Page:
Manley Stacey Civil War Letters

From the collection of the Historical Society of Oak Park and River Forest, Illinois

April 16, 1863

Camp Hayes
April 16th /63
5,30 AM

Dear Father

I received your letter of the 10th yesterday & now answer it, though have not much news to write. there is but little danger of our moving today, or tomorrow, as it is too muddy. We shall have to wait a few days, till the Roads are better. It was reported just yesterday, that the 1st Brigade from the Court House, had gone, & the 2nd, from Union Mills, also the troops from Chantilly. If this is so, most likely we shall have yet to go. It is reported here now, that if Regts muster, less than 500 men they will be Consolidated. Also that only 3 Sergts & 21 Corporals, are allowed for less than 80 men. If this is so, I shall not go in the Color Guard.

I have had no chance to talk with the Capt yet though I have tried. However Furlough, is played out. It is now so wet & muddy, that we can not Drill, move or any thing else, a good time for the Soldiers to rest. There is one thing I must have, when I get my pay, that is Caseys United States Infantry Tactics. they are now used instead of [Handees].

I do not know who will pay the postage Bill, but does Mother propose to stop it, on account of expense. I am sure that getting letters & Papers from Home, does me more good, than it costs, I would not be with out the letters & Papers for a great deal.

We are in Caseys Division instead of Heintzlemans. That reminds me, if we move from here, you will have to add, to the, direction, like this 3d Brigade Caseys Division. Troops in the field, need this Extra.

I should be very glad, if I can not get a furlough, if you would come down here, it would do you good, & I should like to have you see, some of the sights here. If I can not come Home, I will give you $30,00 of my Pay, towards it. I know it would be expensive, but I think you can afford it. I can fight a great deal better, if I see some of you, before I commence. I hope you see this in a different Light, & conclude to come down, with them.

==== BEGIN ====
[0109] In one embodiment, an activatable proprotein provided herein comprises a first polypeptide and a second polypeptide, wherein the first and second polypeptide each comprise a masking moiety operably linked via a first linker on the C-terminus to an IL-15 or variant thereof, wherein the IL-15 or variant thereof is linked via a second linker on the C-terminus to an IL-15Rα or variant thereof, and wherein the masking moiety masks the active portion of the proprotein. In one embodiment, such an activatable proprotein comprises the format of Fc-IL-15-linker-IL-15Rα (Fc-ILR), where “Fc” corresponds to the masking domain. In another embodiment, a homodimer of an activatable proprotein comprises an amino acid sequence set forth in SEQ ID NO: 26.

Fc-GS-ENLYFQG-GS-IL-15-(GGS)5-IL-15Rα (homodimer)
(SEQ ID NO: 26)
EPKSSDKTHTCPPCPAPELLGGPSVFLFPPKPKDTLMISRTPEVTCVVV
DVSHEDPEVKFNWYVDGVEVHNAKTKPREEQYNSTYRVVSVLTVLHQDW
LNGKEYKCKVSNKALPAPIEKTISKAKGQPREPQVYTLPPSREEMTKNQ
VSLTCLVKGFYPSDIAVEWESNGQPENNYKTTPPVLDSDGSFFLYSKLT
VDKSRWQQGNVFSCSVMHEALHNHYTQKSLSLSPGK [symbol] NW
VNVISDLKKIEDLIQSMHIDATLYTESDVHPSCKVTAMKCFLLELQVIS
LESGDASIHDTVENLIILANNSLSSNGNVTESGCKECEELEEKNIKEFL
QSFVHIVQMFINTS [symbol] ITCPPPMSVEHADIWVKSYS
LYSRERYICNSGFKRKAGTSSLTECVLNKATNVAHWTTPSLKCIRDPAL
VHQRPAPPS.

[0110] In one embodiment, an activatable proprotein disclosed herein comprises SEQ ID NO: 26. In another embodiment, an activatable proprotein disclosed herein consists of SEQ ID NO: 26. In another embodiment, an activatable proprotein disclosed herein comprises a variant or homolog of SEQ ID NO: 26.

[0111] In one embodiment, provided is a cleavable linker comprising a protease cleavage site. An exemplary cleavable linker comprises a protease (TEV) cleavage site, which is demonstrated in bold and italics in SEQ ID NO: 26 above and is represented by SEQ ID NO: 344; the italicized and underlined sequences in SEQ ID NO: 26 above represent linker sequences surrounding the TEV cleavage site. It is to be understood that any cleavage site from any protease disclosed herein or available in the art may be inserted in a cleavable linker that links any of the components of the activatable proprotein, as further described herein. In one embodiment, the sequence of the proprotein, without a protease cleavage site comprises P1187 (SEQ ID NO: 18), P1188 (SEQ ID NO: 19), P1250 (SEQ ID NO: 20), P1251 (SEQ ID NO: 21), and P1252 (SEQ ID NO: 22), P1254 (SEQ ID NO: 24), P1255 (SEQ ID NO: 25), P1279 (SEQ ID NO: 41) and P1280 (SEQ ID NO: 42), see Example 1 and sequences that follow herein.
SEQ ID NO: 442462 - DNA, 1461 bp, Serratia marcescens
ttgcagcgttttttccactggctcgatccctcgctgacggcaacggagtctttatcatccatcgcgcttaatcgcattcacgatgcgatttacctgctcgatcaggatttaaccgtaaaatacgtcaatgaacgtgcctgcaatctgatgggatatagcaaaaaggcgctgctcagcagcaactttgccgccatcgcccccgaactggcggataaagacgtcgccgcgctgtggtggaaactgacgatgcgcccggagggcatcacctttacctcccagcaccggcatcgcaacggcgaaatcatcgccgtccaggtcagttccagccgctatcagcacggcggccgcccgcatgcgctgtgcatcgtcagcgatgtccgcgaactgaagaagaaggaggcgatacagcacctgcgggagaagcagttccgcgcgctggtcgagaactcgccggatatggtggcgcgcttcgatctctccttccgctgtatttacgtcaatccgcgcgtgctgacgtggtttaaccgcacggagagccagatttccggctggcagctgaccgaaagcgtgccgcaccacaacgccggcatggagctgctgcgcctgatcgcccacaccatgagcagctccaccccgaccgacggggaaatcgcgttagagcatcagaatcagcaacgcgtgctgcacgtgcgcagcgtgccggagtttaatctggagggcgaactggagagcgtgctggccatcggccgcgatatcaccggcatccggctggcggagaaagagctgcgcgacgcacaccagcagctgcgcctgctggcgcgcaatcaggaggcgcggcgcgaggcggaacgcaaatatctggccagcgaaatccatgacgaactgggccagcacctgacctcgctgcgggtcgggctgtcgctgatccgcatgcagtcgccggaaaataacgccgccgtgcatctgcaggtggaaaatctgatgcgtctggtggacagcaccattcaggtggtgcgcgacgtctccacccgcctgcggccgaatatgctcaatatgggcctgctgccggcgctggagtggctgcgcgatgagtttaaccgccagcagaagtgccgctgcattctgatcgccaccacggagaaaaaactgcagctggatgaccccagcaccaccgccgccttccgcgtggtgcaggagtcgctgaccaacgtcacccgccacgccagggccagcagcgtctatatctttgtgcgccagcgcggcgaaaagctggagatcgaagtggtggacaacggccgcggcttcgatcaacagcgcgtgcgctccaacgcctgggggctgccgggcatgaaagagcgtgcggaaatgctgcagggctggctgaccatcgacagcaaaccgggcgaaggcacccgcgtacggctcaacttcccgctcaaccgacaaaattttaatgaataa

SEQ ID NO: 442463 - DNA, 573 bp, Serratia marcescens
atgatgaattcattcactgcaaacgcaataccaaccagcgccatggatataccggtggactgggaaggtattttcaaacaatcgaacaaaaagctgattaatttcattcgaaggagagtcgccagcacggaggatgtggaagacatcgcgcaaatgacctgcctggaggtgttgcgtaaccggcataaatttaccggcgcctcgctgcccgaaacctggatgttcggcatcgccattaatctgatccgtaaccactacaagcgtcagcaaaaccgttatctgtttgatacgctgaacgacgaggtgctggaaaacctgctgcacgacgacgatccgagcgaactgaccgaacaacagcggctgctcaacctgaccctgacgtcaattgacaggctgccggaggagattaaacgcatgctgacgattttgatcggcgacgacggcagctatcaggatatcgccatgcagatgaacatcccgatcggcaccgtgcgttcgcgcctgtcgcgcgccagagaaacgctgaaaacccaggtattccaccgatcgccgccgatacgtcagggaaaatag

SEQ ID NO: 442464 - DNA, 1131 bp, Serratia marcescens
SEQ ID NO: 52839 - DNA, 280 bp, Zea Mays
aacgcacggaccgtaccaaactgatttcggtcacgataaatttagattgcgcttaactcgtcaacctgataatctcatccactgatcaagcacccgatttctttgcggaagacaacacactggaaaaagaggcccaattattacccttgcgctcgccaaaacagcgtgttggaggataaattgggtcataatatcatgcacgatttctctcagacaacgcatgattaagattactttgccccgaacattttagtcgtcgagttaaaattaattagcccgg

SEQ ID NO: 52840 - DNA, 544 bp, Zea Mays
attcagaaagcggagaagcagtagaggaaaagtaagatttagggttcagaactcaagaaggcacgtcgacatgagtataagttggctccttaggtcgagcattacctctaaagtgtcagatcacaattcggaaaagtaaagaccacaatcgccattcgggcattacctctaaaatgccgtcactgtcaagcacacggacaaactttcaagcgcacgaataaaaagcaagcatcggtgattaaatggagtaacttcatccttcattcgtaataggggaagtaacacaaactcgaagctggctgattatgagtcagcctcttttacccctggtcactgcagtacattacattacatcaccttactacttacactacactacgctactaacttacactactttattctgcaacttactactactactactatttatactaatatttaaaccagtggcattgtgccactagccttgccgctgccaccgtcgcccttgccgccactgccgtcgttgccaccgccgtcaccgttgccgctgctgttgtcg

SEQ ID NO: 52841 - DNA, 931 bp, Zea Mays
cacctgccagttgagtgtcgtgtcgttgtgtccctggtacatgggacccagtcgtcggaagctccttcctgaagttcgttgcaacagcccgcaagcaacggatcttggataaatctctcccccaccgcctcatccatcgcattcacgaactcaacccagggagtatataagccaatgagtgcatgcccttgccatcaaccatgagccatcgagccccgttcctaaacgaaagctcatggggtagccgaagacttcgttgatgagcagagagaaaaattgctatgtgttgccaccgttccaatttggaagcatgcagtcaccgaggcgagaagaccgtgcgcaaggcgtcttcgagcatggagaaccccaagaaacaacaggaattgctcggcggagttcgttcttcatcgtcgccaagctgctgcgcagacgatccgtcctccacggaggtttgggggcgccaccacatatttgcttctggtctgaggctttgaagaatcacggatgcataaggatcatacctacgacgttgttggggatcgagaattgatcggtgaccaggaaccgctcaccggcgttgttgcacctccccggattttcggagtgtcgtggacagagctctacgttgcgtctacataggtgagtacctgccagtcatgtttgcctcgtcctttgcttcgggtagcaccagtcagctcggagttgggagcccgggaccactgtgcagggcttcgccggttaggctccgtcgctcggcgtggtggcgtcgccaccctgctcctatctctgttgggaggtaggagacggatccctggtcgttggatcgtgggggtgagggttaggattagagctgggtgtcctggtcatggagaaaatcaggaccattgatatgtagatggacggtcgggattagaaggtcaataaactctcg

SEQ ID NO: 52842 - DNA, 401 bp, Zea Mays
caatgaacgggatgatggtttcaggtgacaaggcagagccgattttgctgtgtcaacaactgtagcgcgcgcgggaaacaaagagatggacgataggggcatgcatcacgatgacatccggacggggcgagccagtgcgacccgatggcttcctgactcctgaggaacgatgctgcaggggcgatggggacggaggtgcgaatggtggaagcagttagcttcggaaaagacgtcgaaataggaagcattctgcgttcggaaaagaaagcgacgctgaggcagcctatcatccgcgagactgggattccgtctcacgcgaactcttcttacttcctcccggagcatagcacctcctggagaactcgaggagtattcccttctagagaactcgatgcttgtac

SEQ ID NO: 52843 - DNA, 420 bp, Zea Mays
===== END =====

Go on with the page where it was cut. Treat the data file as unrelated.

So you say, I think a great deal of the Tea, & take a great deal of comfort, with my tin Cup of Tea & Hard Tack. you do not know, what kind of a scrape you get into, when you, offered, me all the Pan cakes I could eat if I come Home. You have never Boarded a Soldier.

I had quite a compliment, the other day in a letter, from Hattie, She Speaking of some Soldiers, that had returned on a Furlough, said they seemed to act, perfectly natural. I do not think I have forgotten everything I ever knew.

This is a model letter a little of everything, but I guess it will pass.

All seem to think, we shall move yet. Our Hospital is taken Down. the Sick, taken to Alexandria, those unable to walk, to the Convalescent Camp, at Alexandria. I am at a stand still now whether to go in the color Guard or not. I can tell better, when I talk with Capt.

Will write soon



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Manley Stacey

born October 29, 1842

died December 26, 1863

Written during the battle of Gettysburg, July 1-3, 1863

"When we camped last, we could see the wounded coming in, those that were able to walk, and the cavalry horses coming in riderless. This showed us that something was going on...I think this will be an awful battle very soon and of course we are in for it...It is a sad sight to see the wounded brought in on stretchers, the poor boys all covered with blood & as pale as death.

"Last night at 4 PM we were ordered to march and form in Line of battle on our left. After a great deal of confusion, we got formed and then we were ordered to advance, right in the face of the rebel guns who were firing their grape and canisters into us by wholesale...After a great deal of marching and counter marching, we were ordered to charge on a rebel battery. We were now right in front of our canons, advancing on their guns, the rebel sharpshooters in our rear picking off our officers. This was an awful time the shells taking the men down by ranks. While we were marching, a man was shot, and the Blood was spilling all over my face, it perfectly Blinded me.

"At 1 PM we were shelled by 100 guns, all concentrated on the force supporting the battery. There we laid behind a stone wall, the shells passing over us and killing the men all around me. Three men were killed and thrown across me, covering me with blood. While we were laying here, a shell struck a stone in the wall and killed a man throwing the man across my legs and the stone striking me in the back & doubling me up.

"We have got about 18 men now in the Company fit for duty and 150 in the Regiment. We went in the fight with over 400, and have yet now 150."

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